Economic and Social Problems in the Caribbean


Globalization has contributed significantly to unemployment in the Caribbean. With the removal trade barriers, some industries have not been able to compete globally. The lack adequate skills that are required for the new industrial paradigm for example, information technology skills have also contributed to the problem of unemployment.

A high level of unemployment among the young people of the Caribbean may   results in various social problems, as survival may depend on illegal activities.

Reasons for unemployment

-firms e.g. multinationals closing down

-lack of investment to create new businesses

-lack of skills training

Population density

Population density Refers to the average number of people living on every square kilo meter in a country. The formula used for calculating population density is:

Density of population
=  Total population

Area (sq. km.)

Very high population densities can indicate overpopulation.  This occurs when the facilities in a location, are not able to serve the number of persons in that location. This will cause heavy competition for jobs, schools, health facilities etc.


Caribbean people migrate to first world countries in search of opportunities such as employment and education.  When skilled and professional workers migrate, Caribbean countries may experience shortages in critical areas such as health care. Loss of skilled workers from industry will also retard growth and development. Social problems may arise when children are left in the care of grandparents and other relatives who have challenges to discipline them.

Debt burden

Many Caribbean countries have high debt- to-GDP ratios.  This ratio is the   amount of national debt of a country as a percentage of its Gross Domestic Product.  High debt-to-GDP can stifle an economy as a large portion of its GDP is consumed in debt payment and very little is left for investment in the economy. A very low debt- to- GDP ratio is desirable for economic growth and development.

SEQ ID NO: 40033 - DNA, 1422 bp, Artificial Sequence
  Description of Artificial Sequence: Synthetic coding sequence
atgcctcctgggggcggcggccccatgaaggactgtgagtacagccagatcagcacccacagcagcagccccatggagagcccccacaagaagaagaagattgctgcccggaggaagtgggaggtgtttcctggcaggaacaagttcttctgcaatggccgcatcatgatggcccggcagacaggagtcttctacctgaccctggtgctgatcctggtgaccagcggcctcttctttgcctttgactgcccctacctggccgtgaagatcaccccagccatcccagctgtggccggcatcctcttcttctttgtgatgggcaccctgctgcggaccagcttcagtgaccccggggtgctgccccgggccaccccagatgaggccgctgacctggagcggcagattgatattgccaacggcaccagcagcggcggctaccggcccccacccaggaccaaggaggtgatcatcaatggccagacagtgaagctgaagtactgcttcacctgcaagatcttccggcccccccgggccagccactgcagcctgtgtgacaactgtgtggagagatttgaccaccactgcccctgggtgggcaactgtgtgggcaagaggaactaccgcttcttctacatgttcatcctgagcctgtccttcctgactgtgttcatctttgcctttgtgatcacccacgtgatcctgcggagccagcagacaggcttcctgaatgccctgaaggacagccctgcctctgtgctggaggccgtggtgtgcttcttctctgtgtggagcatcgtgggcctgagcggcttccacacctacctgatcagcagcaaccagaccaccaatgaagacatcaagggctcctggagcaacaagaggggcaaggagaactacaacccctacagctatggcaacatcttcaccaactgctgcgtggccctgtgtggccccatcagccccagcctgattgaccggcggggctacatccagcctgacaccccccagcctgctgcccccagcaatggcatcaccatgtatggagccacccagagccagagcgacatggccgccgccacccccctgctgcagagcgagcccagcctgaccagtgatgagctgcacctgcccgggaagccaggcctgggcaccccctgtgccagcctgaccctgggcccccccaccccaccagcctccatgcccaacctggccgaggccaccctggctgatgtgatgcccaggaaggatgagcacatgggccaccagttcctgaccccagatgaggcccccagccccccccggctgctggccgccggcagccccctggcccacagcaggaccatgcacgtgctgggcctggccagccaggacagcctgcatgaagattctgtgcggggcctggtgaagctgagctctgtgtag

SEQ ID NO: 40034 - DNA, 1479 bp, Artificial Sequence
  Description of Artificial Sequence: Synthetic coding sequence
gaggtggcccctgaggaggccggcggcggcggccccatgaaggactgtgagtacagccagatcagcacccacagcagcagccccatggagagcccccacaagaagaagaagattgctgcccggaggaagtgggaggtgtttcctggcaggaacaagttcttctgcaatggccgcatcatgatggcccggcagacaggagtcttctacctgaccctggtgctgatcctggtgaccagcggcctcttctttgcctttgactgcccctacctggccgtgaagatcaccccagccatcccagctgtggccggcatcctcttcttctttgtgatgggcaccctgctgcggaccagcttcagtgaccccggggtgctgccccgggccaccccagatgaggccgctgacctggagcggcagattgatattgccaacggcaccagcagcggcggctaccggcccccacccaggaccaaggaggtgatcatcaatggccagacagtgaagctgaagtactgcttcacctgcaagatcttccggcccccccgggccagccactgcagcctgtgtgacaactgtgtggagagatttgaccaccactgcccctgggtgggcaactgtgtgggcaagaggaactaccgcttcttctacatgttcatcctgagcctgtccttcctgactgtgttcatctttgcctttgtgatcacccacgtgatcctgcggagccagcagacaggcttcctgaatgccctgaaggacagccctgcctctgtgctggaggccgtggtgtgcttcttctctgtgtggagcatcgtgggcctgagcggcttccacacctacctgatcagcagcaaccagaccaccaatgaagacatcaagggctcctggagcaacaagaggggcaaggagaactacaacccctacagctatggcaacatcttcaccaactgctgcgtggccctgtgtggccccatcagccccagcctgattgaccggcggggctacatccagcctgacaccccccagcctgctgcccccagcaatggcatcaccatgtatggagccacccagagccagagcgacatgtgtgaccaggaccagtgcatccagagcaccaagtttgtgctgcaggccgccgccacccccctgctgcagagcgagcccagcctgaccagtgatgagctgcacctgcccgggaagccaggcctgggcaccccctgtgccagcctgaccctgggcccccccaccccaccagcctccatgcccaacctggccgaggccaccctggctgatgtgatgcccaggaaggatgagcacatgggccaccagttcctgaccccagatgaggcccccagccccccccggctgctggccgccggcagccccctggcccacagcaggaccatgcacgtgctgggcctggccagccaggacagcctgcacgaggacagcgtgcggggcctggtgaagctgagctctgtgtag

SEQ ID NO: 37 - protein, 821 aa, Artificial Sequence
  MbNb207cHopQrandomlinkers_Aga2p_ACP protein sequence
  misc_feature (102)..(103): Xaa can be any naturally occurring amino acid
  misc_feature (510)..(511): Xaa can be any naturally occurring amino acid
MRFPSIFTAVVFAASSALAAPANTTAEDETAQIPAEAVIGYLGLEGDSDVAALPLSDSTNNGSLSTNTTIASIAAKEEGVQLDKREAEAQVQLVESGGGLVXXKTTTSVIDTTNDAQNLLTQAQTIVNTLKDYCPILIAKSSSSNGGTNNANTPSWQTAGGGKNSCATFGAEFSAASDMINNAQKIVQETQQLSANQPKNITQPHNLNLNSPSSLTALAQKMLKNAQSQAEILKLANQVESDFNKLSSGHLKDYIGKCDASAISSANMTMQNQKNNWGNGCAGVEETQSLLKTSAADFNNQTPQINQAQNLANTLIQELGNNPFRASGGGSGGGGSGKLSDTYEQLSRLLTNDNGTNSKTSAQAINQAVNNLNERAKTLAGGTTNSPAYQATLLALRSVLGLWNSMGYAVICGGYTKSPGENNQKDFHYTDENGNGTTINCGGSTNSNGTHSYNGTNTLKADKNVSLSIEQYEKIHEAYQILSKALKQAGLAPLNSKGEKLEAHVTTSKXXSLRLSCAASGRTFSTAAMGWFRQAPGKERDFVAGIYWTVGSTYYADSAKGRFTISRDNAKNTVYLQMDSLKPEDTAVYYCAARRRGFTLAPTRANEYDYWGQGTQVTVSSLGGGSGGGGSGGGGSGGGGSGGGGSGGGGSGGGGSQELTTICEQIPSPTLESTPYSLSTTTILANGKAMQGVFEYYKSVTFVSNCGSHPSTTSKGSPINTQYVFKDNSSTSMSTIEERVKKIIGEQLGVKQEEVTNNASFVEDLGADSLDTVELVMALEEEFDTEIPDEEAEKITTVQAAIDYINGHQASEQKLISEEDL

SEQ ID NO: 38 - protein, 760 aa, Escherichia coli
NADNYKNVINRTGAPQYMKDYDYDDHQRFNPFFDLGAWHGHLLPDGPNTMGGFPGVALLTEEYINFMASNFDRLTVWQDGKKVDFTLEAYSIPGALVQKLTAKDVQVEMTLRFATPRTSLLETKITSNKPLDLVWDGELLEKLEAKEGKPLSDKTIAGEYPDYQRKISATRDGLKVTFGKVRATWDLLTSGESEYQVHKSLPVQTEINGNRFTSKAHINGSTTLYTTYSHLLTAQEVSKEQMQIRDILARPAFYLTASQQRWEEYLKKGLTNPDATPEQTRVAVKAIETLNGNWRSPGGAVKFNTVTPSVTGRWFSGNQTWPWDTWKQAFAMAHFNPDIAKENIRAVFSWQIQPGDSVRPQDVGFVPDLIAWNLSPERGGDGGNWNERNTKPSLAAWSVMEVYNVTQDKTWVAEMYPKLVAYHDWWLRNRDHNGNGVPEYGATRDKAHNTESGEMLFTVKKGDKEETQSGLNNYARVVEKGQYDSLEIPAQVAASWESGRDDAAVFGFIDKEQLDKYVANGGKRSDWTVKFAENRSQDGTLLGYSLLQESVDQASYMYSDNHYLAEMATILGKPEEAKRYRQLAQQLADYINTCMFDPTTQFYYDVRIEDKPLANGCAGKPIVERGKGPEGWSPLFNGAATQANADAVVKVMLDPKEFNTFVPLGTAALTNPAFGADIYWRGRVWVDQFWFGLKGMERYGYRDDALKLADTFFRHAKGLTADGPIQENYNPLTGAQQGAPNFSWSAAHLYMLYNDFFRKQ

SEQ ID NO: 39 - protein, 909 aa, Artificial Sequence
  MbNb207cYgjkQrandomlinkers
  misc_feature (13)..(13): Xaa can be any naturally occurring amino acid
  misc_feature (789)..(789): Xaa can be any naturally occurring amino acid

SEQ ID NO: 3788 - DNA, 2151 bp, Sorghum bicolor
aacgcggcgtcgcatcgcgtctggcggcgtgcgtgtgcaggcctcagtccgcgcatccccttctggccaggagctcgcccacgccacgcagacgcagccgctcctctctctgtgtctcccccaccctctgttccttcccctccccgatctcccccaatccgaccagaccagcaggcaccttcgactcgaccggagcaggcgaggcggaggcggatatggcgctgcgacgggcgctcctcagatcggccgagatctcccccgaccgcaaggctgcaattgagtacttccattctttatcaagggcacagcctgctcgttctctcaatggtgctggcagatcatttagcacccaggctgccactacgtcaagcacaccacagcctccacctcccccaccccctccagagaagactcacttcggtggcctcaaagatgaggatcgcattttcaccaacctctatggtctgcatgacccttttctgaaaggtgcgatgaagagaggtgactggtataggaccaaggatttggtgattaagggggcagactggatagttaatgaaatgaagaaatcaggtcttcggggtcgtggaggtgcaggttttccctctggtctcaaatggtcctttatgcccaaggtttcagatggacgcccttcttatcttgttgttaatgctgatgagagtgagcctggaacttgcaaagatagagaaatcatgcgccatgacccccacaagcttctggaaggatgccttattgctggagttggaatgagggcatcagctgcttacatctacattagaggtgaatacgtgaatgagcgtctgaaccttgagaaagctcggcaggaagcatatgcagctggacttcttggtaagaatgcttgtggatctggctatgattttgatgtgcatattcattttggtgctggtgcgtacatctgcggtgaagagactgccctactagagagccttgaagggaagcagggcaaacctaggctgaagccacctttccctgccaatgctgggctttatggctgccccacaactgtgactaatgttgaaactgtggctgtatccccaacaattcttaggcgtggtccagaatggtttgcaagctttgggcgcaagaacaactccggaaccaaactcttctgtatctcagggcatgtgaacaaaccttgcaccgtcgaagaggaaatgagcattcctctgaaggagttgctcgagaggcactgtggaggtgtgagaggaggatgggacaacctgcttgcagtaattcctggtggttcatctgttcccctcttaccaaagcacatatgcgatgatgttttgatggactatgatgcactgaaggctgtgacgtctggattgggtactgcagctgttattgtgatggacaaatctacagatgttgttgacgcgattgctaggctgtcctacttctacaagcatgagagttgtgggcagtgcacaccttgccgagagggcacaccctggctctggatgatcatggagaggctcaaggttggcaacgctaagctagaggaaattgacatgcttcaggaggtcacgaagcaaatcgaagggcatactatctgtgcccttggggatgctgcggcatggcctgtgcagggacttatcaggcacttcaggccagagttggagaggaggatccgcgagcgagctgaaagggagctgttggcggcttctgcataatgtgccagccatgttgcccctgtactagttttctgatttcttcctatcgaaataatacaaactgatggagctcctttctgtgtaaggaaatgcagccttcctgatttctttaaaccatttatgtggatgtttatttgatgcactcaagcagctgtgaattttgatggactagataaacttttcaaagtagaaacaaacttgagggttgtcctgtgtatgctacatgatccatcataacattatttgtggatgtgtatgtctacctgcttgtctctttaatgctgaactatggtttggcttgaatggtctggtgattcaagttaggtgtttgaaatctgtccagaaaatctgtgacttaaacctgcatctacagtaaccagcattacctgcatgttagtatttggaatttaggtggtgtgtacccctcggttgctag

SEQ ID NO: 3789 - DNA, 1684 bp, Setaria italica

Sourcing Capital and raw materials

While the Caribbean might be rich in certain natural resources such as bauxite, oil and gold the region lacks other very important resources such as capital and entrepreneurial skills. Capital is important as it increases production through the use of machinery, equipment and money invested. The spirit of entrepreneurship is necessary for the creation of new business ideas and entrepreneurship skills are important for the successful running of the businesses.

Economic dualism in the region

Economic dualism occurs in countries where there exist two opposite economic sectors. One sector is characterized by development, capital intensive industries, large scale farming and technological advancement, and the other sector is characterized by subsistence farming, labour intensive industries, handicraft industries and simple trading means of survival.

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